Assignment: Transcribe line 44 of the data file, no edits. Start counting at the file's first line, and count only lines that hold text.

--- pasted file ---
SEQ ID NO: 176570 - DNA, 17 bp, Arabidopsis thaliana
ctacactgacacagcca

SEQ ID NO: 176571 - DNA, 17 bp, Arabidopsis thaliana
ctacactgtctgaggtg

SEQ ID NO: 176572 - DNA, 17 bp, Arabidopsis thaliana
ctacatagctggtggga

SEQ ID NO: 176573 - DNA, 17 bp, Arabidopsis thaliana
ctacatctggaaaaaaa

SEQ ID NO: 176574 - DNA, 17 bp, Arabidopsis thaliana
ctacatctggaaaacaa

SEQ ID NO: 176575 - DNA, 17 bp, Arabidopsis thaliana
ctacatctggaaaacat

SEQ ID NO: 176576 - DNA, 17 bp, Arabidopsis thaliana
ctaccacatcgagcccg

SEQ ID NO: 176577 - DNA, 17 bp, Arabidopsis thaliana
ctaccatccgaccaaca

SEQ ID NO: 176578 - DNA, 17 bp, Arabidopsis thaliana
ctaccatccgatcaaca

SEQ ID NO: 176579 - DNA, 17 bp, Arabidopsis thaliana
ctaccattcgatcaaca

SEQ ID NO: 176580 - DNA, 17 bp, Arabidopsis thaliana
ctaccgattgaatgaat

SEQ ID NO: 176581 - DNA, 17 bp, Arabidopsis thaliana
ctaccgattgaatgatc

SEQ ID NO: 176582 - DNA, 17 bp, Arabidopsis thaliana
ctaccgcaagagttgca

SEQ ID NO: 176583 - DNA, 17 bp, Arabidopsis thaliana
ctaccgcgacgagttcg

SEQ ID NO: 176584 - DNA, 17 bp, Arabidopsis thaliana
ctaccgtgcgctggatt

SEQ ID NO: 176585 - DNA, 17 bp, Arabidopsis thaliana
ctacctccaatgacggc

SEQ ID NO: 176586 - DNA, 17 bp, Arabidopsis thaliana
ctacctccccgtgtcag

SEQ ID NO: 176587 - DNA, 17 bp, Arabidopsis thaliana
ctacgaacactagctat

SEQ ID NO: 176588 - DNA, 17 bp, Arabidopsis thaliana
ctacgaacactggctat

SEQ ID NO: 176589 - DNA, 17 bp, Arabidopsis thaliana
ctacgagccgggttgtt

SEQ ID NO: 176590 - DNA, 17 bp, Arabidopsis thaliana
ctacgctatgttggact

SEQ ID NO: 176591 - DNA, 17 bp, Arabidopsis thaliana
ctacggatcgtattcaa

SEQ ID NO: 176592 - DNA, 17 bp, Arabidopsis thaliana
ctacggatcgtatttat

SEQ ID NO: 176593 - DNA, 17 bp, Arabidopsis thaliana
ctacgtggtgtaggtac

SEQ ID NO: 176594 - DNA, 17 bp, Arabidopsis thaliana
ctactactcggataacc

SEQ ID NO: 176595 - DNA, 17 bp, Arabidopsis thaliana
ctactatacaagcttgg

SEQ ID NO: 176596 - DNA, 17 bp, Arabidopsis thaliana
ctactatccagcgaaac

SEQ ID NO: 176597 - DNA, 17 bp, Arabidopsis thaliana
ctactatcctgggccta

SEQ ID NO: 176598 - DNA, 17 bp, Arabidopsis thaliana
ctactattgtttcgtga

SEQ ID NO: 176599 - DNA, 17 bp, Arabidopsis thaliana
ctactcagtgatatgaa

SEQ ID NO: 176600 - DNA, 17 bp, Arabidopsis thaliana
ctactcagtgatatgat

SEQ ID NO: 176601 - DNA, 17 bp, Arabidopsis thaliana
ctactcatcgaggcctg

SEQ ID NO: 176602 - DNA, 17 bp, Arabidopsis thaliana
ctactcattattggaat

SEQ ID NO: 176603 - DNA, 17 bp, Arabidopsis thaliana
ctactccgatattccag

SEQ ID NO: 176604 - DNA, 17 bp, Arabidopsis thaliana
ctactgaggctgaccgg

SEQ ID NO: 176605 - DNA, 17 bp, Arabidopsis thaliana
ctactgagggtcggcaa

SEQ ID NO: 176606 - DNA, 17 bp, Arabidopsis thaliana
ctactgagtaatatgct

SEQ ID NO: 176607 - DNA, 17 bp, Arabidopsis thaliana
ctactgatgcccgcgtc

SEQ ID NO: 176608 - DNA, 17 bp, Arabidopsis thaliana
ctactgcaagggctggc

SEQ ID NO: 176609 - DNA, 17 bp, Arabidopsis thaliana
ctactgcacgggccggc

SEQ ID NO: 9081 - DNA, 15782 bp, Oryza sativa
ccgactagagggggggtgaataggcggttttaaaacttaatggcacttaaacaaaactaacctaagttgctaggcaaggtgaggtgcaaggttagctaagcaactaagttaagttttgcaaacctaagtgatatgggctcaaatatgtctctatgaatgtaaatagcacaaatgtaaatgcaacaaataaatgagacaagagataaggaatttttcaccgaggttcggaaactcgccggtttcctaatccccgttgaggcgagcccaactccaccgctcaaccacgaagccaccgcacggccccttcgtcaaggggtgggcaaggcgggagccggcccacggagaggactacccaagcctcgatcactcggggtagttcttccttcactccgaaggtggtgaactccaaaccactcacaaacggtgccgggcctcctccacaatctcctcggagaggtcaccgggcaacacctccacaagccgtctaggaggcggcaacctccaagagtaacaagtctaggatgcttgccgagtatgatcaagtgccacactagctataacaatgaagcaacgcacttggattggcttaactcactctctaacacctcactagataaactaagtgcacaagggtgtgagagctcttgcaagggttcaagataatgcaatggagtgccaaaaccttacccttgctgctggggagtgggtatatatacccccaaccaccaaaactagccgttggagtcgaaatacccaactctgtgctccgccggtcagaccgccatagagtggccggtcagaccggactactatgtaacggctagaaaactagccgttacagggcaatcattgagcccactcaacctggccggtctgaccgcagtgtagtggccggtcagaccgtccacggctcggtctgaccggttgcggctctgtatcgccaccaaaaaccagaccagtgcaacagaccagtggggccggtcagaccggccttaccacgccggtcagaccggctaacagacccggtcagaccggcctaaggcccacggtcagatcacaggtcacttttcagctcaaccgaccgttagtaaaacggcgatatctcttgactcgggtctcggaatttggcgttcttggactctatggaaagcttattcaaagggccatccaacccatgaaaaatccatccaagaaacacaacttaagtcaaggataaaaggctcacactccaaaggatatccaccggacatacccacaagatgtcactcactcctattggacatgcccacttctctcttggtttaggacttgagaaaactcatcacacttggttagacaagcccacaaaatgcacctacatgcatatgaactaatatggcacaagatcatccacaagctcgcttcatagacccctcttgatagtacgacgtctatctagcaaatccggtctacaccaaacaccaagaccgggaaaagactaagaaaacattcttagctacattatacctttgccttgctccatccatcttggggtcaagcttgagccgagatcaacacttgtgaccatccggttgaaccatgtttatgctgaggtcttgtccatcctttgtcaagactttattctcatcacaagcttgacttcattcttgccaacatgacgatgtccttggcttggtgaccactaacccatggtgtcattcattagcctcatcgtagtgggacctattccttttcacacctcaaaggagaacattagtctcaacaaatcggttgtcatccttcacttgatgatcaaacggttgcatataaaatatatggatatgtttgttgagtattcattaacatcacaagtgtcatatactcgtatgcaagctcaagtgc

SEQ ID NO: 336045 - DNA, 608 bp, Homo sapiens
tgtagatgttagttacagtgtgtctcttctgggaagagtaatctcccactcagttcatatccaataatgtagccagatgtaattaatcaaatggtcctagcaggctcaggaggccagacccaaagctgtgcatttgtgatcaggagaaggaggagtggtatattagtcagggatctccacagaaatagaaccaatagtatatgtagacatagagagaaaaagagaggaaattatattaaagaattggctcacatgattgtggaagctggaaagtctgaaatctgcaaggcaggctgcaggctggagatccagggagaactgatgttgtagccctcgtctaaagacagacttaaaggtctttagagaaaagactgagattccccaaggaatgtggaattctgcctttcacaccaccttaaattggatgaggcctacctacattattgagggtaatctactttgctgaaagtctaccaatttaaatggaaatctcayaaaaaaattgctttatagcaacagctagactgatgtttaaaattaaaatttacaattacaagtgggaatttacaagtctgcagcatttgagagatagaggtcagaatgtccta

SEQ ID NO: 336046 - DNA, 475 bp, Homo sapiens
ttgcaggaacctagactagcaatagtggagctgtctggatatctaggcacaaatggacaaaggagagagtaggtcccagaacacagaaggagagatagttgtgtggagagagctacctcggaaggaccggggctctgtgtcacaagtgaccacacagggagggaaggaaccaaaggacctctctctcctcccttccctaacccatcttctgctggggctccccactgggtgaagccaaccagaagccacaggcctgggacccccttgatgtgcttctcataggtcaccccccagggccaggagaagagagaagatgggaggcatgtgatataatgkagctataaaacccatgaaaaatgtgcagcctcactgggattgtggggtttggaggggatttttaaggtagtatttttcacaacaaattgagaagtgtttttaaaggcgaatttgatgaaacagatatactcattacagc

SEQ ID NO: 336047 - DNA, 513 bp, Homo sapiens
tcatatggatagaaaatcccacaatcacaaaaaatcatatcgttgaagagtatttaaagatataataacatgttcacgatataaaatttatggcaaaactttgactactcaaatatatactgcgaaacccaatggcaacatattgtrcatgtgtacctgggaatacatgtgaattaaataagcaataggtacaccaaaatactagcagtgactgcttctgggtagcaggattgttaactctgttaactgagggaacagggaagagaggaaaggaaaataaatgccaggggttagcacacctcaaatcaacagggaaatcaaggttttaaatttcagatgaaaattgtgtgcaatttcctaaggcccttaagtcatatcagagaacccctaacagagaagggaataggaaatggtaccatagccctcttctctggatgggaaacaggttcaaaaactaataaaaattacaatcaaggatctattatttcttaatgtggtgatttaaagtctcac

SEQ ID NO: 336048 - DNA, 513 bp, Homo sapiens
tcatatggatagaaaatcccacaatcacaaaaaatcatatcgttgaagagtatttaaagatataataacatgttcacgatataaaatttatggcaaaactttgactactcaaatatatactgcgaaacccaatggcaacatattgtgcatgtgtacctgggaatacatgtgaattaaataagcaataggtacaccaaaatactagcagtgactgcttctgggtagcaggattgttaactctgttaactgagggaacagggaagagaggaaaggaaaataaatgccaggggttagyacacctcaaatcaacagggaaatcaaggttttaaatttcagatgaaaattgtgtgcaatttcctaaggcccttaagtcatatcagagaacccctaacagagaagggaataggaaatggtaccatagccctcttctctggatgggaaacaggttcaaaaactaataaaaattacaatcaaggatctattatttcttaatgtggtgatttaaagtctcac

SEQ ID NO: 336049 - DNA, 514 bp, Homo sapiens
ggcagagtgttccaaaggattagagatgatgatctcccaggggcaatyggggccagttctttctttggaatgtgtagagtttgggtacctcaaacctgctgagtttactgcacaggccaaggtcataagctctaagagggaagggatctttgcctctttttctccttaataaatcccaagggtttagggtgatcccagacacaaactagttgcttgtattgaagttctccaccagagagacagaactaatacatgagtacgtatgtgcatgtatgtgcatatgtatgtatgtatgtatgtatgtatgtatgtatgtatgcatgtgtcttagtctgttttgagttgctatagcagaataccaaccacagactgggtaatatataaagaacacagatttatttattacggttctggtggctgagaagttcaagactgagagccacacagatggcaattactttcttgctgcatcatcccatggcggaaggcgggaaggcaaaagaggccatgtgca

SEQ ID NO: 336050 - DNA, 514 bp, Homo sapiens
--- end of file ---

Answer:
ctacggatcgtattcaa